Photo taken in Warrnambool, Australia
For and with you
In the Community

Breaking down barriers to sport with Warrnambool Roller Derby.

2 minute read
In the Community

At Beyond Bank, we know firsthand the big impact we can have when we support community groups. As a customer-owned bank, we’re committed to supporting the people and clubs that make our neighbourhoods stronger and more vibrant.

And that’s why we support groups like Warrnambool Roller Derby, a community sporting club that’s picking up speed. With a grant from the Beyond Bank Australia Foundation acting as a catalyst for their growth, more people are discovering a sense of belonging and community with roller derby.

Amid the resurgence of roller-skating popularity during the 2020 lockdowns, an exciting window opened to launch the sport in Warrnambool. The club now offers programs for fun, fitness, and full-contact – with the latter relating to the highly competitive world of roller derby. 

Warrnambool Roller Derby has a strong focus on reducing barriers to skating and fostering an all-inclusive, safe and welcoming skating community. But at $200 for an entry-level pair of skates, it was difficult to get new community members involved. 

“One of the biggest barriers we find, especially for kids and families, is the financial barrier,” said Amie Hargreaves, Club President at Warrnambool Roller Derby. 

When Beyond Bank awarded the club a $4,000 grant, Warrnambool Roller Derby bought 20 pairs of high-quality derby skates. This allowed people to come and try skating without having to invest in their own pair of skates, breaking down the financial barriers of getting started with the sport. The new skates have also enabled the club to run Roller Discos as fundraising events. 

“It’s meant a lot for us. It’s rapidly built our club and expanded our memberships. It took us from being a select group to being really open to the community,” said Amie. 

The club is on a mission to create a safe and welcoming space for the LGBTQI+ and Trans communities.  

 

“Derby really prides itself on being inclusive... and active inclusivity – not just accepting people but going out of your way to make it more comfortable for everyone to be involved,” explained Amie. 

(L-R) Beyond Bank's Community Development Manager Grant Howland celebrates the arrival of the new skates along with Warrnambool Roller Derby Club President Amie Hargreaves, Coaching Coordinator Rose Ceratos, and Beyond Bank Senior Relationship Manager, Sophia Ngo.

Grant Howland, Community Development Manager at Beyond Bank’s Warrnambool branch, has been helping to guide the club through the type of banking products that are useful for a small club that’s just starting out.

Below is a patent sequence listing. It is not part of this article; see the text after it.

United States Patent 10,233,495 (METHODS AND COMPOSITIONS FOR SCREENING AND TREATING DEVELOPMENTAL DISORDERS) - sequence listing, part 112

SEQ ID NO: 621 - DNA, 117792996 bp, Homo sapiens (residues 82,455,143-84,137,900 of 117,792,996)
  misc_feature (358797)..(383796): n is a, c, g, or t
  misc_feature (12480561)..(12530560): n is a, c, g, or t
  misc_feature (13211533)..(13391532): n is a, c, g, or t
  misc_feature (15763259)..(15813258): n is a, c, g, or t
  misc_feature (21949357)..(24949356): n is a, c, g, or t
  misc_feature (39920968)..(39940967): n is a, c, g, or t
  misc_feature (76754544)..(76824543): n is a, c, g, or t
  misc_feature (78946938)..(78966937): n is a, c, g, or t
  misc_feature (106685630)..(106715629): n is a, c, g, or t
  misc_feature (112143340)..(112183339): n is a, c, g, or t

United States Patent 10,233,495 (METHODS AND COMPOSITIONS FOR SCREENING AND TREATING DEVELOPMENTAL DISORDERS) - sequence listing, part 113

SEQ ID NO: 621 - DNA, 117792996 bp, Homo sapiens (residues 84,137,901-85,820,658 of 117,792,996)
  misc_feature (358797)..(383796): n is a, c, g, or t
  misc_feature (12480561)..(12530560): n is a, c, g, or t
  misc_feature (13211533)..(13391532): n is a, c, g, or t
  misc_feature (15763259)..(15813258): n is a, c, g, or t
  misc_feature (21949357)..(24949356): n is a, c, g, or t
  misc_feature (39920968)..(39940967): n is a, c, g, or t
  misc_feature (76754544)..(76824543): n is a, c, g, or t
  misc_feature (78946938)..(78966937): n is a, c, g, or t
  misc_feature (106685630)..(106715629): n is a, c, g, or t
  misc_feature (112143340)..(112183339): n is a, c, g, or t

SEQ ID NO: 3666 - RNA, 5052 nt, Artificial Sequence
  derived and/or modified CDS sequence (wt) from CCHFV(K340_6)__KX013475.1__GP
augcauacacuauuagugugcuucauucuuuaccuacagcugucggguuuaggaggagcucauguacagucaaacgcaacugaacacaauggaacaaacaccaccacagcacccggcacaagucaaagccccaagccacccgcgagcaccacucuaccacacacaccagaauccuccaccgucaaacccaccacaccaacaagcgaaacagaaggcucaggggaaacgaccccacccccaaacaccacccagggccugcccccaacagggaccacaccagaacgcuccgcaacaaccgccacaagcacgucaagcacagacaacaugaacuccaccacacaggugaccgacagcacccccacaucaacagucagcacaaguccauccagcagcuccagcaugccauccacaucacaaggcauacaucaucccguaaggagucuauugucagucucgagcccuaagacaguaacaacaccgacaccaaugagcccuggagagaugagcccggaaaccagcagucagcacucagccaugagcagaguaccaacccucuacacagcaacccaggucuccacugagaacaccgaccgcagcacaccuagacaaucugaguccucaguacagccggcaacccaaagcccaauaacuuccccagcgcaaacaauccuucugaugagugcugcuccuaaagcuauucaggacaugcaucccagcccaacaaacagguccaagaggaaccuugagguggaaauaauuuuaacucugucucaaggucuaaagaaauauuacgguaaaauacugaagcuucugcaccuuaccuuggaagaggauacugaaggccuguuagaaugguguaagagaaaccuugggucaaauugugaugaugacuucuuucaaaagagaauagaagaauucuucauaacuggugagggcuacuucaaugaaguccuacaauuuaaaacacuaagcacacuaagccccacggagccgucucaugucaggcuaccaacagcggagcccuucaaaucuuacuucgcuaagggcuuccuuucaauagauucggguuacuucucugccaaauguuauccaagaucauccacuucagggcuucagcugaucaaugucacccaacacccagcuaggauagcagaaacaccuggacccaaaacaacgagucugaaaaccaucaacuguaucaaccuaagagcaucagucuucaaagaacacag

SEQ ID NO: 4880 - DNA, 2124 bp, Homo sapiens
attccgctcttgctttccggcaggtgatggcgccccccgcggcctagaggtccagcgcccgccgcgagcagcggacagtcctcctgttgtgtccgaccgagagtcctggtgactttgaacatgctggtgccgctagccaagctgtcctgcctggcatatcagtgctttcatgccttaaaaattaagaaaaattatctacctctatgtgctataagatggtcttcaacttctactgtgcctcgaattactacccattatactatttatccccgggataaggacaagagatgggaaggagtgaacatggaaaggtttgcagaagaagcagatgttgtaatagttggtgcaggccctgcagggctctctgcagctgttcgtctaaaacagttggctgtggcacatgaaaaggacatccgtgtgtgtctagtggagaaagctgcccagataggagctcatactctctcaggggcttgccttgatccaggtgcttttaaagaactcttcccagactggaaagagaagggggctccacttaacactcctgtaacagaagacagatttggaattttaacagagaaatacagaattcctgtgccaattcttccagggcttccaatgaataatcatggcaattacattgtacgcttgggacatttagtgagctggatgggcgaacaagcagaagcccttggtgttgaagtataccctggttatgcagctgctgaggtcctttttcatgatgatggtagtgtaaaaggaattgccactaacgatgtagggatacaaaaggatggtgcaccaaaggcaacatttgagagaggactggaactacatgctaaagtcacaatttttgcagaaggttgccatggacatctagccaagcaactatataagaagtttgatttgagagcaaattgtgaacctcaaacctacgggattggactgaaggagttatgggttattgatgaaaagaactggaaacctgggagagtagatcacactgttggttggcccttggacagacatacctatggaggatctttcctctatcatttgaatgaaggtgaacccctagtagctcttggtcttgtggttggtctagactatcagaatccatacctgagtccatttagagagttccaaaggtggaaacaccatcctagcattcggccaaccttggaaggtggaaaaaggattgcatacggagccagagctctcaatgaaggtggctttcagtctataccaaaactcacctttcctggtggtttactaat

“We've been really amazed. Grant (Howland) is really involved. He's brought his daughter along to a session and everything! He's really keen to see where we're developing and what we're doing,” said Amie. 

Beyond Bank is the bank for community groups. We’re committed to keeping our branches open in regional areas, like Warrnambool. Our staff aren’t just bankers. They’re volunteers, mates, parents – and they’re passionate about making a real difference in the community.  

“These sort of contributions that Beyond Bank are making to the community - I’d want the community to know how valuable they are in developing amenities and bringing them back to small towns when we've lost so much,” said Amie.  

What’s next for Warrnambool Roller Derby? They’re focusing on inclusivity for people with physical disabilities. By creating their own skate frames, they’re furthering their commitment to become a place where everyone feels welcome and accepted. 


Also in In the Community

Being a B Corp.

Being a B Corp.

Being a B Corp is just one way we measure what we do to ‘create more good for the community’.

View article
Partnering with Toora Women to empower women fleeing domestic violence.

Partnering with Toora Women to empower women fleeing domestic violence.

Domestic or family violence against women is the single largest driver of homelessness for women, a common factor in child protection notifications, and results in a police call-out on average once every two minutes across Australia.

View article